Study Using AI Warns We Are 10 to 15 Years From Breaching 1.5°C Paris Agreement Goal
A new study using artificial intelligence (AI) to forecast global warming timelines has found that Earth will exceed the target of limiting warming to 1.5 degrees Celsius above pre-industrial levels within about 10 to 15 years, according to a press release from Stanford University.
Emissions goals designed to keep warming below the more ambitious threshold may be needed to keep our planet’s average temperature from exceeding two degrees Celsius, the study said. Less warming is still possible for the planet in the future, however.
“We have very clear evidence of the impact on different ecosystems from the 1C of global warming that’s already happened,” said Stanford University climate scientist Noah Diffenbaugh, who was co-author of the study, as The Guardian reported. “This new study, using a new method, adds to the evidence that we certainly will face continuing changes in climate that intensify the impacts we are already feeling.”
The study, “Data-driven predictions of the time remaining until critical global warming thresholds are reached,” was published in the journal Proceedings of the National Academy of Sciences.
A type of AI known as a neural network was used by the researchers to estimate a new “time to threshold” using recent global temperature data. The AI found that, no matter the fluctuations in greenhouse gas emissions in the next decade, the global warming trajectory shows we will reach 1.5 degrees Celsius in the early 2030s.
“Using an entirely new approach that relies on the current state of the climate system to make predictions about the future, we confirm that the world is on the cusp of crossing the 1.5 C threshold,” Diffenbaugh said in the press release.
AI predicted there is a 50 percent chance that our planet will heat up by an average of two degrees Celsius by mid-century if emissions continue to be high over the coming few decades, with a four-in-five chance by 2060.
It also predicted that Earth would warm up by two degrees Celsius even with a reduction of emissions.
“Our AI model is quite convinced that there has already been enough warming that 2 C is likely to be exceeded if reaching net-zero emissions takes another half century,” said Diffenbaugh, who co-authored the study with Colorado State University atmospheric scientist Elizabeth Barnes, in the press release.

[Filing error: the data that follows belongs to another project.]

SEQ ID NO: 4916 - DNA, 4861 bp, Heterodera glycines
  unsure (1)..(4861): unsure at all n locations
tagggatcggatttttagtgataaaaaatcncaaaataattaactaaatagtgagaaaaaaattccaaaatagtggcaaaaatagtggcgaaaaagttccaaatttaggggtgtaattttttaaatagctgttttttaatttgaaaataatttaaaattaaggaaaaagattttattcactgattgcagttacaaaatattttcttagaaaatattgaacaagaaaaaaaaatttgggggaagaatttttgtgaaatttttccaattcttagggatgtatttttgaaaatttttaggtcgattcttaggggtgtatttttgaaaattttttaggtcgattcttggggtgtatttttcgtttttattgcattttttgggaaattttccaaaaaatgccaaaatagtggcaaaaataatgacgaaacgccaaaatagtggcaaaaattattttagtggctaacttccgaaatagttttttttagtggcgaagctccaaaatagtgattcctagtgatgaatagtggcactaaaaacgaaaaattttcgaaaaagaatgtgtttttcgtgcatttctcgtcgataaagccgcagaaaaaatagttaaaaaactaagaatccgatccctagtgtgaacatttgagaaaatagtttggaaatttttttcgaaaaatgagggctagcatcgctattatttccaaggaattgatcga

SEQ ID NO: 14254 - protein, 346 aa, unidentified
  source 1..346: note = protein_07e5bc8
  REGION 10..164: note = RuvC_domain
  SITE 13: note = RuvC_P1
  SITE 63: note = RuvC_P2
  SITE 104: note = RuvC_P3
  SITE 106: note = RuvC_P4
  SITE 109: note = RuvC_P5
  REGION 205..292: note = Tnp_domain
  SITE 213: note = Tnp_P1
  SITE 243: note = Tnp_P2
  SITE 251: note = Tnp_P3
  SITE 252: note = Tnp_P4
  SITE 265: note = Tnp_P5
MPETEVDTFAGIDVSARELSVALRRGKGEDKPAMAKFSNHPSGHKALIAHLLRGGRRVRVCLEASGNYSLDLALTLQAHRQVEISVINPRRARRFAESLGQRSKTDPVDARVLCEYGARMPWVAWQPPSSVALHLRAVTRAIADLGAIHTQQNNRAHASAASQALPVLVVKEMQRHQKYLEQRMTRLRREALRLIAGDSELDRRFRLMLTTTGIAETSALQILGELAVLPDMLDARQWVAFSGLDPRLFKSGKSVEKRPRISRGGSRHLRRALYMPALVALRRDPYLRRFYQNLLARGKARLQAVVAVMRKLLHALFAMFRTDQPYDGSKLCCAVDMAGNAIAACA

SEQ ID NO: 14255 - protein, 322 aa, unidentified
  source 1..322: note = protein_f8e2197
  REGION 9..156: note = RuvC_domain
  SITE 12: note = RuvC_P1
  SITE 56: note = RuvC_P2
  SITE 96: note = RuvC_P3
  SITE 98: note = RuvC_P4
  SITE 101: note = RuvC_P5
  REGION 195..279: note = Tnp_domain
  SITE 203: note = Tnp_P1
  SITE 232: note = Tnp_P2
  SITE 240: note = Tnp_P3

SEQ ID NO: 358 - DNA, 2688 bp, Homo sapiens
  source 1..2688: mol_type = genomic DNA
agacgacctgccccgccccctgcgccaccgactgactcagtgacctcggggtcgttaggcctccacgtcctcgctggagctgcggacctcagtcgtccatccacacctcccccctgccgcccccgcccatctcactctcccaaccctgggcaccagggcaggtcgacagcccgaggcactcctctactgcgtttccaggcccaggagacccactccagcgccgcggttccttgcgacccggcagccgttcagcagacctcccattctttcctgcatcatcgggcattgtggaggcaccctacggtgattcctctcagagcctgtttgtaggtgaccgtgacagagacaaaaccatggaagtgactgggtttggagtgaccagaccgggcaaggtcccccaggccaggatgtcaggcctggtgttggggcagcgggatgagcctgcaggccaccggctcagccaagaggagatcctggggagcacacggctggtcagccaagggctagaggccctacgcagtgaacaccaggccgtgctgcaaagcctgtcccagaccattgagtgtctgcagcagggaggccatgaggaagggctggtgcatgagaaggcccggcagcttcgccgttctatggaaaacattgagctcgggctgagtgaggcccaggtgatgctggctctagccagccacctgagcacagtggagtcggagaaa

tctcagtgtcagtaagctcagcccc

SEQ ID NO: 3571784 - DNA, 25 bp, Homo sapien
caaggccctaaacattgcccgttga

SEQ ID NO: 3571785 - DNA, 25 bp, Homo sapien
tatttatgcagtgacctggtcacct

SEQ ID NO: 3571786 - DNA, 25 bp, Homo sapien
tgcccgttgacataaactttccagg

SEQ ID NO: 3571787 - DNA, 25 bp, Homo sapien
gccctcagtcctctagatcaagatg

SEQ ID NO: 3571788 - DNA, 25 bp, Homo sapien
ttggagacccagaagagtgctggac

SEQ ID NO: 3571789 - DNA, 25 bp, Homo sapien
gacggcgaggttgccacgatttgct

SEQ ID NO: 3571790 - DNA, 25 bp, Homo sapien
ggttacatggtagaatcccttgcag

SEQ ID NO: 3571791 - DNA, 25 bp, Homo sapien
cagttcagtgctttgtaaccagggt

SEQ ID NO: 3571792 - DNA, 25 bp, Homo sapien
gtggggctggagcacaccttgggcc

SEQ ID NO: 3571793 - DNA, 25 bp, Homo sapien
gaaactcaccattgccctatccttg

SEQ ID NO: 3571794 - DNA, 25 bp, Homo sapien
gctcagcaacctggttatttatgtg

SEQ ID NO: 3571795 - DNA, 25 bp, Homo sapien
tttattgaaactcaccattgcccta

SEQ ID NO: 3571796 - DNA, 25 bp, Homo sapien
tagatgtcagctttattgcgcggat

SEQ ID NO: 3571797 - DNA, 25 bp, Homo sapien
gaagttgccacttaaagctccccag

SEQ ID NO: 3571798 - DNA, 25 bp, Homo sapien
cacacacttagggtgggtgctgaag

If the thresholds of 1.5 and two degrees Celsius are breached, the goals of the 2015 Paris Agreement — a legally binding international treaty on climate change signed by 193 countries and the EU — will not have been met.
Every fraction of a degree of warming will ramp up the effects of climate change for humans, animals and ecosystems. As the Earth gets hotter, tipping points where large-scale consequences are felt — like forest die-offs and the melting of enormous polar ice sheets — become more likely, and scientists predict the severity of impacts will be more pronounced and widespread as our planet warms beyond two degrees Celsius.
Even where emissions are quickly reduced to net-zero by 2076, the AI predicted a 50 percent chance of crossing the two degree Celsius threshold by 2054, and a two-in-three chance of breaching it between 2044 and 2065.
With the net-zero goals of countries like China, India and the U.S., as well as the EU and non-state entities like universities, there is still a possibility that we can quickly reduce the greenhouse gases being pumped into Earth’s atmosphere and avoid the more severe impacts of climate change.
“Those net-zero pledges are often framed around achieving the Paris Agreement 1.5 C goal,” said Diffenbaugh in the press release. “Our results suggest that those ambitious pledges might be needed to avoid 2 C.”
To test how accurate the AI model was, the researchers asked it to predict the current 1.1 degree Celsius level of warming based on annual temperature anomaly data from 1980 to 2021. The model correctly forecast that the current level of warming would be reached this year, with a predicted range of 2017 to 2027.
It also correctly modeled the pace of decline in recent decades that led to 1.1 degrees Celsius.
“This was really the ‘acid test’ to see if the AI could predict the timing that we know has occurred,” Diffenbaugh said in the press release. “We were pretty skeptical that this method would work until we saw that result. The fact that the AI has such high accuracy increases my confidence in its predictions of future warming.”
Diffenbaugh said he hoped the results of the study will motivate humanity while there is still a sliver of time to avoid more severe effects and prepare for future consequences.
“Managing these risks effectively will require both greenhouse gas mitigation and adaptation. We are not adapted to the global warming that’s already happened and we certainly are not adapted to what is certain to be more global warming in the future,” Diffenbaugh said, as The Guardian reported.